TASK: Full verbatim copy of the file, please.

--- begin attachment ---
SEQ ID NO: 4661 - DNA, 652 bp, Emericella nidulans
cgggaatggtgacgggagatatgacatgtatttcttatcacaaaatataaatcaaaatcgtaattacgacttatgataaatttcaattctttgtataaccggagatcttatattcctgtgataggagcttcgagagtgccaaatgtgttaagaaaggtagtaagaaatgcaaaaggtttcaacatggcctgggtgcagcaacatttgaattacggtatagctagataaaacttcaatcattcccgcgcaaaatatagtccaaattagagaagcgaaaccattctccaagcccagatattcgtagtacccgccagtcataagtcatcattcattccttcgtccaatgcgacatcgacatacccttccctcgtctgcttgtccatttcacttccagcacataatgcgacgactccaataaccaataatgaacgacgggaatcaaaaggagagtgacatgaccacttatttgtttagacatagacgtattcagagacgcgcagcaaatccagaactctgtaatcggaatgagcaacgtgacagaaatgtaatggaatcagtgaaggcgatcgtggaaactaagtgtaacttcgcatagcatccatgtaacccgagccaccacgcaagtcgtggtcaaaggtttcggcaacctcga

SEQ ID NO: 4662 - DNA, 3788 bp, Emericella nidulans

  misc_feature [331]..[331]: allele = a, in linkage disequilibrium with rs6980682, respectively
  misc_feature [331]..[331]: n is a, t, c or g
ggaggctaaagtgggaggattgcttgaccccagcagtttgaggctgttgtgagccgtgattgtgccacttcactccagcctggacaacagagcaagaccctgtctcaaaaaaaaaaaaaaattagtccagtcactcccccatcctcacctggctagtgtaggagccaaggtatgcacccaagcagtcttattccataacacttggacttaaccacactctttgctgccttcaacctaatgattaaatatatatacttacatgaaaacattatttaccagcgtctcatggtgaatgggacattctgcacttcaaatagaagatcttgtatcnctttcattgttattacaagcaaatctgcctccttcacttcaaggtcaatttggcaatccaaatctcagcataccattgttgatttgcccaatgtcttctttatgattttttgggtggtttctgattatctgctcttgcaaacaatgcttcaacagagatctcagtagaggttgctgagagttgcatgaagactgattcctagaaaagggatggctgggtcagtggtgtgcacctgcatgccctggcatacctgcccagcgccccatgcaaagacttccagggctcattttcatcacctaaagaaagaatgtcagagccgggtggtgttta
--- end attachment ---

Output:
SEQ ID NO: 4661 - DNA, 652 bp, Emericella nidulans
cgggaatggtgacgggagatatgacatgtatttcttatcacaaaatataaatcaaaatcgtaattacgacttatgataaatttcaattctttgtataaccggagatcttatattcctgtgataggagcttcgagagtgccaaatgtgttaagaaaggtagtaagaaatgcaaaaggtttcaacatggcctgggtgcagcaacatttgaattacggtatagctagataaaacttcaatcattcccgcgcaaaatatagtccaaattagagaagcgaaaccattctccaagcccagatattcgtagtacccgccagtcataagtcatcattcattccttcgtccaatgcgacatcgacatacccttccctcgtctgcttgtccatttcacttccagcacataatgcgacgactccaataaccaataatgaacgacgggaatcaaaaggagagtgacatgaccacttatttgtttagacatagacgtattcagagacgcgcagcaaatccagaactctgtaatcggaatgagcaacgtgacagaaatgtaatggaatcagtgaaggcgatcgtggaaactaagtgtaacttcgcatagcatccatgtaacccgagccaccacgcaagtcgtggtcaaaggtttcggcaacctcga

SEQ ID NO: 4662 - DNA, 3788 bp, Emericella nidulans

  misc_feature [331]..[331]: allele = a, in linkage disequilibrium with rs6980682, respectively
  misc_feature [331]..[331]: n is a, t, c or g
ggaggctaaagtgggaggattgcttgaccccagcagtttgaggctgttgtgagccgtgattgtgccacttcactccagcctggacaacagagcaagaccctgtctcaaaaaaaaaaaaaaattagtccagtcactcccccatcctcacctggctagtgtaggagccaaggtatgcacccaagcagtcttattccataacacttggacttaaccacactctttgctgccttcaacctaatgattaaatatatatacttacatgaaaacattatttaccagcgtctcatggtgaatgggacattctgcacttcaaatagaagatcttgtatcnctttcattgttattacaagcaaatctgcctccttcacttcaaggtcaatttggcaatccaaatctcagcataccattgttgatttgcccaatgtcttctttatgattttttgggtggtttctgattatctgctcttgcaaacaatgcttcaacagagatctcagtagaggttgctgagagttgcatgaagactgattcctagaaaagggatggctgggtcagtggtgtgcacctgcatgccctggcatacctgcccagcgccccatgcaaagacttccagggctcattttcatcacctaaagaaagaatgtcagagccgggtggtgttta